By LA Weekly
By Henry Rollins
By Weekly Photographers
By Shea Serrano
By Nate "Igor" Smith
By Dan Weiss
By Erica E. Phillips
By Kai Flanders
It’s not often that McKinley attends community meetings. Typically, if the SJNA makes an appearance, the organization sends someone else. Where once McKinley was known for going from shop to shop, passing out posters and festival wristbands, now many in the neighborhood say they rarely see him outside his office, in the basement of Tsunami Coffee House on Sunset.
Ask him about the beginnings of the street fair, and his face conveys a look that’s a lot like first love. The Sunset Junction Street Fair was born out of the gay-rights movement, conceived to promote peace between the neighborhood’s gay and Latino communities with a party instead of through protest. “We were one of the first people to celebrate all of the differences we have, and to celebrate the community,” McKinley says.
The first event, attended by at least a handful of people who now stand in opposition to SJNA, was a small affair, not terribly different from your standard block party. It quickly became a local institution, a free party where all were welcome. And, by all accounts, everyone got along well. SJNA then parlayed this success into charity work, and afterschool programs for local youth, including soccer teams and computer training, painting and mural refurbishing. There was also work at the nonprofit Tsunami Coffee House, a student-worker project that developed from roundtable sessions McKinley held with local youth following a series of “perceived gay-bashing” incidents at Silverlake Lounge in the early ’90s. It was because of the expense of running Tsunami that the fair began asking for, but not mandating, donations. Undoubtedly, McKinley has done some good with SJNA. There are the young adults who, as teenagers, found some purpose through the organization’s outreach programs.
Neighbors have formed friendships through the street fair. But when McKinley says emphatically that the festival “will get bigger,” and mentions the name of a major rock band he would like to see play there, it’s hard not to think that SJNA may have strayed from its mantra, “in harmony with our neighbors.”
“We know what’s going to happen,” Joe Keeper said shortly after the March meeting, where the Neighborhood Council voted not to support the festival in its current format. “He’s going to get his way, just like last year.”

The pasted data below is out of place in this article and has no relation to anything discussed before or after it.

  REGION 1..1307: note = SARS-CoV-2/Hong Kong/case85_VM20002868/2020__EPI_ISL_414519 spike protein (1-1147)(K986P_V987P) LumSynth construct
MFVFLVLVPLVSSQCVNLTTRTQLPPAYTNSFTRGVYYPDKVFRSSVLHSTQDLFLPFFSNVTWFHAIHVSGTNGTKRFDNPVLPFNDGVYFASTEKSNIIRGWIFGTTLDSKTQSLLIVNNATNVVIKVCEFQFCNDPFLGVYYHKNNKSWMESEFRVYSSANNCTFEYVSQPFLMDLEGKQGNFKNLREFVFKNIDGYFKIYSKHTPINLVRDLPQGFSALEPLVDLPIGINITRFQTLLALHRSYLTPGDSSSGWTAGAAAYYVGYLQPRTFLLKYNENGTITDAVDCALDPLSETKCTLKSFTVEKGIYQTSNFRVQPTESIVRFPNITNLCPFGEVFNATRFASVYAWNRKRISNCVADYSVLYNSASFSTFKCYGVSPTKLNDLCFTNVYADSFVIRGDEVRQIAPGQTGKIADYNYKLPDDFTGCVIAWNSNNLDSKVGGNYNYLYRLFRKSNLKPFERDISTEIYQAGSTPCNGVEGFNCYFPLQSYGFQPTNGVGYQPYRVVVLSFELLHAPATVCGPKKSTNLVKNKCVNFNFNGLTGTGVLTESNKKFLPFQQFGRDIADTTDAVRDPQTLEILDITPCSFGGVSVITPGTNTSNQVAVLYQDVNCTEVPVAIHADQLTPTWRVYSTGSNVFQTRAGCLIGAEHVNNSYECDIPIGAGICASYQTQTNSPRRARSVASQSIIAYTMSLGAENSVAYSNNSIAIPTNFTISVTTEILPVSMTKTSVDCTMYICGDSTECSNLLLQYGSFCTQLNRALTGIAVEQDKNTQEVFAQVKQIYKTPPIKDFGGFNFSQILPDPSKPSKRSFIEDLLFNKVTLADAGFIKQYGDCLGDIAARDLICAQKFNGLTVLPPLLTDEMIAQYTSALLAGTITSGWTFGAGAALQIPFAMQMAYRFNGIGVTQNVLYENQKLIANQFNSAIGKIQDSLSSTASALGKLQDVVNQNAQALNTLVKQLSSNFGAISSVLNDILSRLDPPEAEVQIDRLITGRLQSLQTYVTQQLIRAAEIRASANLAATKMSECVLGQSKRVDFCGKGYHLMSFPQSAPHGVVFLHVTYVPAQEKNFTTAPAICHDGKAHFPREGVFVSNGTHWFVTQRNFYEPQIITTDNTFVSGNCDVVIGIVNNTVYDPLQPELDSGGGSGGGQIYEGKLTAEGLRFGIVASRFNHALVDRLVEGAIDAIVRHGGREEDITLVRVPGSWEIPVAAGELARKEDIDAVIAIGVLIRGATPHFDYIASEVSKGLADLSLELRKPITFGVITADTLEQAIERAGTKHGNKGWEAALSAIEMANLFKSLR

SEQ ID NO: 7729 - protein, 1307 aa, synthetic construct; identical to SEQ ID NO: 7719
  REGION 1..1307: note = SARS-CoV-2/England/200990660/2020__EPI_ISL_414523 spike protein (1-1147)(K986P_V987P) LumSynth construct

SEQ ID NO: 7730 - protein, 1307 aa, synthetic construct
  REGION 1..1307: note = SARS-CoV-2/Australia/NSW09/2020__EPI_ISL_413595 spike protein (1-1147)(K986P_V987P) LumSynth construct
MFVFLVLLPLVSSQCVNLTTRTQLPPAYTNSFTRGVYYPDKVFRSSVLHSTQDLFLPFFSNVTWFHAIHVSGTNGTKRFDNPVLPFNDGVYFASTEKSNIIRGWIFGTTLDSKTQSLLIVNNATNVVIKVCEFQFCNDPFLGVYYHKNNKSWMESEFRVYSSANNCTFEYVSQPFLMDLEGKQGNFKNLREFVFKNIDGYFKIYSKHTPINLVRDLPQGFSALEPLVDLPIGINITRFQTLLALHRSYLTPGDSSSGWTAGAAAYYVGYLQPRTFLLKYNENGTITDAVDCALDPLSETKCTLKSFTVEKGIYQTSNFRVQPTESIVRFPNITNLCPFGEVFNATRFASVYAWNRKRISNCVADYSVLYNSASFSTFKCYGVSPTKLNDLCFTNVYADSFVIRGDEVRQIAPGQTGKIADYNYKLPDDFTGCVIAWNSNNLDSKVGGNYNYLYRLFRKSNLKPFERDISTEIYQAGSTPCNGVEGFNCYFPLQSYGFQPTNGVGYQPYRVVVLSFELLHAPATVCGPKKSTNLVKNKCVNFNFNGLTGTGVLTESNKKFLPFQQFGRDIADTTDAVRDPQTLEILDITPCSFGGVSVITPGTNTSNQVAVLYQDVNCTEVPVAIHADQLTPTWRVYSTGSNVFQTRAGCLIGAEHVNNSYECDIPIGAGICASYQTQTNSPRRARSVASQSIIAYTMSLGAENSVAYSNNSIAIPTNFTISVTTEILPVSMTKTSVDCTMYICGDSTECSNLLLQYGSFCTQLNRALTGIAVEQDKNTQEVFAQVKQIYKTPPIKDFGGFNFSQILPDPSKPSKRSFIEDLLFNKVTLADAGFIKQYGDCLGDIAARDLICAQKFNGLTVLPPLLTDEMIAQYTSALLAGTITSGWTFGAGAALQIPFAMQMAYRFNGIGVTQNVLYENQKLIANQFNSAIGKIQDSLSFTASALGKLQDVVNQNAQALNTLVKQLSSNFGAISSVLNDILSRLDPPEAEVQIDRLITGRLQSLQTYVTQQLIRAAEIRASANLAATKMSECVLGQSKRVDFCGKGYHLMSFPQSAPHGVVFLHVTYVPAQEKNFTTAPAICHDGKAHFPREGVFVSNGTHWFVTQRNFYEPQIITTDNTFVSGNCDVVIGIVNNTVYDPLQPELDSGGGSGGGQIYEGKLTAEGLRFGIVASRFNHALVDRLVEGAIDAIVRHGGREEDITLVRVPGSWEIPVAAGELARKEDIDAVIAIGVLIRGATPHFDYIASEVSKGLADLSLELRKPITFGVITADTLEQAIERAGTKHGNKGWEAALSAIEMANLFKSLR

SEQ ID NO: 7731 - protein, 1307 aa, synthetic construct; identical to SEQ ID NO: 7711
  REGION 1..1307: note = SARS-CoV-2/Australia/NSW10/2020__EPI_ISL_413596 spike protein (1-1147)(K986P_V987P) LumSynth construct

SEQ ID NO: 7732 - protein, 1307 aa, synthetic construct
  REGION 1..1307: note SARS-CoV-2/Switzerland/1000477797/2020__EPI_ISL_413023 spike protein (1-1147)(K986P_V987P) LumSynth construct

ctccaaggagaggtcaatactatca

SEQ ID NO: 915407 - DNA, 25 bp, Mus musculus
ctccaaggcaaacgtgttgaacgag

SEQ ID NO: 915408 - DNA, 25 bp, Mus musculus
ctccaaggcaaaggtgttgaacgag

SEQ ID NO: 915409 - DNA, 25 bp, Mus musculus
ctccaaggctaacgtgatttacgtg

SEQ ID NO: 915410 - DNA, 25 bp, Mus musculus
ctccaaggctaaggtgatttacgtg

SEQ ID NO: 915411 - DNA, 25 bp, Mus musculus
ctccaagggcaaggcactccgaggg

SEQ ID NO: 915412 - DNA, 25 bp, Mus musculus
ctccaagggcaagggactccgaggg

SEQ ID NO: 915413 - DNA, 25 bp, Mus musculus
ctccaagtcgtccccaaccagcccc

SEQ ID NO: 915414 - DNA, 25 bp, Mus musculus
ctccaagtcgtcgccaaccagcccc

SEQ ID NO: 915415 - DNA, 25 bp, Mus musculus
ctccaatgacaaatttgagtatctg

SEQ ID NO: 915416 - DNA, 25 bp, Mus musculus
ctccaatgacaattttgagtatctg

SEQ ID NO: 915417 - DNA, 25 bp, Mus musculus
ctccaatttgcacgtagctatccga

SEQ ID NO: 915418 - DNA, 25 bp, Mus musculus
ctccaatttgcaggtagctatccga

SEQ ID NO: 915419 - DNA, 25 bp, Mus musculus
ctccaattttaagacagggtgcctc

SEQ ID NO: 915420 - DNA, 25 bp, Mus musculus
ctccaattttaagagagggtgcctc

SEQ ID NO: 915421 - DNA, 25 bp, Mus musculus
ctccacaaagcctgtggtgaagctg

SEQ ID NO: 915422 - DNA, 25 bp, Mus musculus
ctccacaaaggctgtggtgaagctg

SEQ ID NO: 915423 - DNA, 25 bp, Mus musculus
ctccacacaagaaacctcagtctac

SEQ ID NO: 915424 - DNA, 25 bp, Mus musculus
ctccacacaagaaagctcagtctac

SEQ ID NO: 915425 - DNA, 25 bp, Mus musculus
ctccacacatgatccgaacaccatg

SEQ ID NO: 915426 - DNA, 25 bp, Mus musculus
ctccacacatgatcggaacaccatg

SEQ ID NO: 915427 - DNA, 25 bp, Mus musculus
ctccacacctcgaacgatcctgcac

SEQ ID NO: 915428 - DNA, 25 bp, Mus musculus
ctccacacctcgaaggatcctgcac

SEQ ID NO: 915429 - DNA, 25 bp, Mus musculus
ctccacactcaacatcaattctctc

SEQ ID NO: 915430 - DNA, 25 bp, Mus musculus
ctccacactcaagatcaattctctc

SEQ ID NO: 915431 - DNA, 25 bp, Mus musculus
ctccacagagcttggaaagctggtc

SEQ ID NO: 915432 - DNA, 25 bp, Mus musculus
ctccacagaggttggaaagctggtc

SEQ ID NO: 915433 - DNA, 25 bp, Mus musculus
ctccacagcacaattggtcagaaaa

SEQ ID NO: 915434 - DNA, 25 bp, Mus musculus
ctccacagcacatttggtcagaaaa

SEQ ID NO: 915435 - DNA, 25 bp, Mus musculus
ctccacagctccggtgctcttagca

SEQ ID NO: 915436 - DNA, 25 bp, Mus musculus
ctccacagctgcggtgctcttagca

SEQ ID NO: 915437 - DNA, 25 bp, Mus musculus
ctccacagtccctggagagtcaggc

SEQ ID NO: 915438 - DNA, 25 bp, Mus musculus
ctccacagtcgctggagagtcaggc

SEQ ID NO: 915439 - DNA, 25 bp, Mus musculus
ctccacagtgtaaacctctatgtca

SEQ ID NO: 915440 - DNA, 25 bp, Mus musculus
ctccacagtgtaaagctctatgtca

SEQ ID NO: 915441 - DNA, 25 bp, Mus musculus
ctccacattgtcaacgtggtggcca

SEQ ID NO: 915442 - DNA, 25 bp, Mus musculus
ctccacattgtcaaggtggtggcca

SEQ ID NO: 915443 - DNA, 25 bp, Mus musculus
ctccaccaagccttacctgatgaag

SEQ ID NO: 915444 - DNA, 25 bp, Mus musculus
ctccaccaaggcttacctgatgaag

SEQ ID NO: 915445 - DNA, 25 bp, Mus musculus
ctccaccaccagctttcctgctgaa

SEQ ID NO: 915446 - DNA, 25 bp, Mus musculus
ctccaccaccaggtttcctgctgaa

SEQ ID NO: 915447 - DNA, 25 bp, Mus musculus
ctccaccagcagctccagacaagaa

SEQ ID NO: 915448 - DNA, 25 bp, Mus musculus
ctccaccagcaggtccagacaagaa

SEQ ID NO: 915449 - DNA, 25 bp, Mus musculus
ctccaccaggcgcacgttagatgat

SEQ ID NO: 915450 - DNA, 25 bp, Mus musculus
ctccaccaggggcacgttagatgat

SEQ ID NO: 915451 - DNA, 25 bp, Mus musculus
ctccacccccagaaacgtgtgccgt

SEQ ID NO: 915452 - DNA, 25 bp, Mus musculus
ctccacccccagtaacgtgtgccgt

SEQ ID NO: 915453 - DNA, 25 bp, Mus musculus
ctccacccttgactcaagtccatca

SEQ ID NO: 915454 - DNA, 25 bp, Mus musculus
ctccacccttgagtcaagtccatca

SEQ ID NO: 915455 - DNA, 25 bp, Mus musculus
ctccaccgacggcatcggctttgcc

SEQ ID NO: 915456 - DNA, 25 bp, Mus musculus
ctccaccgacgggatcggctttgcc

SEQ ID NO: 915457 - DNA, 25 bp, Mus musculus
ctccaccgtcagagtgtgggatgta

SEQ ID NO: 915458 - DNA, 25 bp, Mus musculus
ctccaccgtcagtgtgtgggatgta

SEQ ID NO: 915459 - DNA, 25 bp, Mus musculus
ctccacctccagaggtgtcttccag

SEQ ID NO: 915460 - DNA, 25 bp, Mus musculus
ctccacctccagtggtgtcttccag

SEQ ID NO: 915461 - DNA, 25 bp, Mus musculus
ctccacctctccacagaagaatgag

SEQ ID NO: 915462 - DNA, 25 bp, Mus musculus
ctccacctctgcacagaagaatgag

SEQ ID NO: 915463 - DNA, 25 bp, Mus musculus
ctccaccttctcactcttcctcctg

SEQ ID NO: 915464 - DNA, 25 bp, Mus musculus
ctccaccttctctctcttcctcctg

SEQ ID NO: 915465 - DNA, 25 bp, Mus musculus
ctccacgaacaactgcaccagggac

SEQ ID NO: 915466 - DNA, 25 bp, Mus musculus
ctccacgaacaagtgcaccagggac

Where in previous years Garcetti has supported the festival, this time around, his position is not so clear-cut. Two months before the festival, Garcetti’s staff is still weighing the situation. Officially, they have requested that SJNA meet certain criteria before gaining the council’s support, the most critical of which is submitting a written proposal addressing all concerns raised by Silver Lake residents and business owners. According to district representatives, without this, Sunset Junction’s permits will not be approved. Garcetti declined to comment for this story.
The stress of the past year has clearly raised tensions. While fielding comments at the March meeting, McKinley abruptly turned on one concerned resident. With anger in his raised voice, he detailed fragments of a story about taking her backstage to meet Isaac Hayes. The crowd sat uncomfortably still, listening as McKinley’s argument grew more convoluted and the resident’s criticism faded from memory.
After that, John Brown, a member of SJNA since its early days, took over the position of public speaker. Brown, a confident voice, always gives the impression that he’s listening to locals and that their views matter. (Of the past year’s exclusion of the businesses between Sanborn and Edgecliffe, he says, “It’s very regretful.”)
But even a charismatic spokesman hasn’t been able to ease tensions. For many on the opposition, Brown’s pleasant demeanor doesn’t change underlying problems, particularly since tickets for this year’s festival — with a lineup including War Tapes, Arrested Development, and Sly & Robbie — have gone on sale. Business owners continue to raise questions about finances, but that’s nothing new. For years, festival critics have wondered about what they call the “$20 in a garbage can” payment method at the entrance. But SJNA’s public financial records offer little insight. Sunset Junction Street Fair isn’t just SJNA’s biggest fund-raising project, according to its tax documents — it’s the nonprofit’s only fund-raising project. In 2007, the event brought in $796,738. The cost of putting together the festival was $450,375. Entertainment eats up a major portion of SJNA’s fair budget, and adding to its expenses are hefty city-service fees it must pay now that the fair is no longer considered a special event.
Brown and McKinley say that the $20 cover fee exists, at least in part, because these city fees are no longer waived by Garcetti and the Los Angeles City Council. However, Garcetti’s office says that Sunset Junction no longer has special-event status because it charges for entry.
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